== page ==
One of the largest interception centers is RAF Menwith Hill, Yorkshire, UK. The station hosts 33 large, golf ball-looking spheres full of radars (radomes). As Goodspeed says, Menwith Hill spies on the whole of Europe and parts of western Russia. Another is Canada’s Communications Security Establishment, which spies on North America and eastern Russia. Another was discovered in Israel, which spies on the Middle East and Central Asia. Goodspeed notes that the Australian system “hunts for communications originating in Indochina, Indonesia and southern China. New Zealand sweeps the western Pacific.”    

Britain’s Role

The Menwith Hill station was set up in 1956 by the U.S. Army Security Agency. By the year 1992, it was intercepting two million communications per hour, mainly across Europe, Africa, and Russia. The station pioneered the use of IBM computers in the early-1960s. Echelon picks relevant words spoken in telephone calls and alerts agents. It was run via the NSA’s Pathway computer system, which apparently used “off-the-shelf” technologies, from Compaq, Digital Equipment Corp., Tandem, and others (see Loring Wirbel’s book, Star Wars). Jurisdiction was given to the NSA in 1966. The Federation of American Scientists states: “Since then, Menwith Hill has sifted the international messages, telegrams, and telephone calls of citizens, corporations or governments to select information of political, military or economic value.”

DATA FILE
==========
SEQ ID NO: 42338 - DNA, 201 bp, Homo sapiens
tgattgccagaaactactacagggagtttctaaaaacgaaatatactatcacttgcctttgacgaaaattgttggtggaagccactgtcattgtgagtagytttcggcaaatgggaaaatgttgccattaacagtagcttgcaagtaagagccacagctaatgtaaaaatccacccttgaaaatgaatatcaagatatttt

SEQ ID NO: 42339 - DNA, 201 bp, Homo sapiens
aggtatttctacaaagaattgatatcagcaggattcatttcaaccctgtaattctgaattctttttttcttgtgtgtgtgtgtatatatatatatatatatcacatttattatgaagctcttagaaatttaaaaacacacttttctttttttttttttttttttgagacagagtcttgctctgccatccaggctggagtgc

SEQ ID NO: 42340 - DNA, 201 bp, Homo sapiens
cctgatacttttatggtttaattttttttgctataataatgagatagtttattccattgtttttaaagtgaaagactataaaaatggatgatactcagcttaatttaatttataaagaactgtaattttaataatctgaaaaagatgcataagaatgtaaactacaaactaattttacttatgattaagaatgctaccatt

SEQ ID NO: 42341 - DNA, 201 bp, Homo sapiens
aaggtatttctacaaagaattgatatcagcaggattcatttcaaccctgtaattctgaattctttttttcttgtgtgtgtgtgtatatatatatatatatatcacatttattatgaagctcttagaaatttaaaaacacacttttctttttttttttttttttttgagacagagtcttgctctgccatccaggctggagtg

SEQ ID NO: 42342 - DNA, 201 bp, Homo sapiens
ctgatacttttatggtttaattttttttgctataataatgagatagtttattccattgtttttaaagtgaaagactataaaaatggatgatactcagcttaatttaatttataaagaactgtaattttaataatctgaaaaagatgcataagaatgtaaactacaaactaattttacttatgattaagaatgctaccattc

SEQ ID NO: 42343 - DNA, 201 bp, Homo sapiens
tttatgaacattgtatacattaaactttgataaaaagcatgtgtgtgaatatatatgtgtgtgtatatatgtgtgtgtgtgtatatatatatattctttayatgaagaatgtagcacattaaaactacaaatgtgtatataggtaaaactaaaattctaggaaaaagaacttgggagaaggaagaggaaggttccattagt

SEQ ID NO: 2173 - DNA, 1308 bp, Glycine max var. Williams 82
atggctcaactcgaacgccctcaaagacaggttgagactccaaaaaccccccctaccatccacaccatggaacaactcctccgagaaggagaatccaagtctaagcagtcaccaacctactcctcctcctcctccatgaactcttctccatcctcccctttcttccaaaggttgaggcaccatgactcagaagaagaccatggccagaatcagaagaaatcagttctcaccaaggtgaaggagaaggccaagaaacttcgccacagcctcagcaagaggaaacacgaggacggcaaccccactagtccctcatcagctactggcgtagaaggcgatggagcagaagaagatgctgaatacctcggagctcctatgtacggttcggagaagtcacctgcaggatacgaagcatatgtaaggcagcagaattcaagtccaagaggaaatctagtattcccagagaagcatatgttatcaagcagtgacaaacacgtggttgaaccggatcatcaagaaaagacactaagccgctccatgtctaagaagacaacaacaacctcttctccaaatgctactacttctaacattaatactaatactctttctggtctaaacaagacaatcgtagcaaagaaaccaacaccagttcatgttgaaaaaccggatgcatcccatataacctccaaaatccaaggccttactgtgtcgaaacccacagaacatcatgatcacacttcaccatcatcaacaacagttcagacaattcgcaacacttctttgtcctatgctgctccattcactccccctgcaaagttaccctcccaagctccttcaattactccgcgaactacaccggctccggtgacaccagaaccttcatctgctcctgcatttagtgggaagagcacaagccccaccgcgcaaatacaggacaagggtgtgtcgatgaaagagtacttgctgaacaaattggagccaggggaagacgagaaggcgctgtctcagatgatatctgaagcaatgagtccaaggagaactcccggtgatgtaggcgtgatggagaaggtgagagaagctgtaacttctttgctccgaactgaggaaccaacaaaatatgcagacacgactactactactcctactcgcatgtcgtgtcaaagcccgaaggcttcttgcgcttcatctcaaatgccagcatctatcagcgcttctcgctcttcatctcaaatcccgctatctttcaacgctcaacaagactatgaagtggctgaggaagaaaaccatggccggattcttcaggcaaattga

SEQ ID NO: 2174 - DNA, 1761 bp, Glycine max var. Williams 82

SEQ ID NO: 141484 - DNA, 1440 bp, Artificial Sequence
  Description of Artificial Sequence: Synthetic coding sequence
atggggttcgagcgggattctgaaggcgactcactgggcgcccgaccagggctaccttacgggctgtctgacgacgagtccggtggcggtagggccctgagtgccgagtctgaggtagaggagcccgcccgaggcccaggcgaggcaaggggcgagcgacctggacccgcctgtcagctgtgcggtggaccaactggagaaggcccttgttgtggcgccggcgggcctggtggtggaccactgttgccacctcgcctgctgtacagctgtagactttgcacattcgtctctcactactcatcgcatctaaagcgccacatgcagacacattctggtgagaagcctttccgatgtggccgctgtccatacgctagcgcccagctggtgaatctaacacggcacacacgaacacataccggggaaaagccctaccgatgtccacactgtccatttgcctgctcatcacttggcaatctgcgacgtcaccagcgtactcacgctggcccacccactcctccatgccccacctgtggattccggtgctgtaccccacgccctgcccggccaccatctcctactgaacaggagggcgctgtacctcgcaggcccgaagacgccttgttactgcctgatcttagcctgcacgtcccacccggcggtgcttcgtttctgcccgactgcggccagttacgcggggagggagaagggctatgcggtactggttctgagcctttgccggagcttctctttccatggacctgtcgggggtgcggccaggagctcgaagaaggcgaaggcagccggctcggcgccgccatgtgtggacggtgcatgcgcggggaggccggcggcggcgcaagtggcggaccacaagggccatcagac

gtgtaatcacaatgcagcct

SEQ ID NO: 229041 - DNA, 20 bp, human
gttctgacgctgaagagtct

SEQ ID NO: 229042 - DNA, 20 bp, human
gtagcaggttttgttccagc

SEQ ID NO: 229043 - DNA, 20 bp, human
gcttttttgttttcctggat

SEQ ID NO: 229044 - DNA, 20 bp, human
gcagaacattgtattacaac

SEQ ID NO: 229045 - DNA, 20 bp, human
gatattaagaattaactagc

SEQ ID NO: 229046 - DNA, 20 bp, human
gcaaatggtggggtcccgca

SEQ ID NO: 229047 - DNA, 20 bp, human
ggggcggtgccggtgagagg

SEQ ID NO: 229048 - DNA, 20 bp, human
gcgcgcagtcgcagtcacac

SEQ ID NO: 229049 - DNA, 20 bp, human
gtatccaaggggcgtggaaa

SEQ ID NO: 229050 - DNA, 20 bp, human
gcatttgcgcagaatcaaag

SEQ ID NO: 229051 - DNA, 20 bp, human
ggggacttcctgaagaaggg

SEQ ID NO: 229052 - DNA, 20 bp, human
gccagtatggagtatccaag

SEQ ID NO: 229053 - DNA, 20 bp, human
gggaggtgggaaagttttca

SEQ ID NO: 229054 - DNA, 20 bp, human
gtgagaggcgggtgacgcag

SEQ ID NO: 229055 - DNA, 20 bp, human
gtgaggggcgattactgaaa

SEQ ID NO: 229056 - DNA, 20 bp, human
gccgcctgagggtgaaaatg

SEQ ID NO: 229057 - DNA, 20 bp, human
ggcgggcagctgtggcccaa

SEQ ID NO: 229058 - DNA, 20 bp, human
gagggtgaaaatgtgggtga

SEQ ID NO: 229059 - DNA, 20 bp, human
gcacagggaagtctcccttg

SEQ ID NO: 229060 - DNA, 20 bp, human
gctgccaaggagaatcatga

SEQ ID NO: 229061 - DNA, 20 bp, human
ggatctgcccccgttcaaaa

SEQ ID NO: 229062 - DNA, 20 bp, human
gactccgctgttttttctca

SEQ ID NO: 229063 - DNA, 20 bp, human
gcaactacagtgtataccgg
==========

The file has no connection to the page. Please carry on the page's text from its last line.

Journalist Duncan Campbell notes that in 1970s’ UK, the Post Office installed wideband connections to Menwith Hill and Hunters Stones microwave radio station, as part of the microwave network which carried long-distance telephone calls during the 1970s and ‘80s. Also in the ‘70s, the NSA inserted de-encryption devices into Switzerland’s Crypto AG software, enabling the Agency to decode the traffic of 130 countries.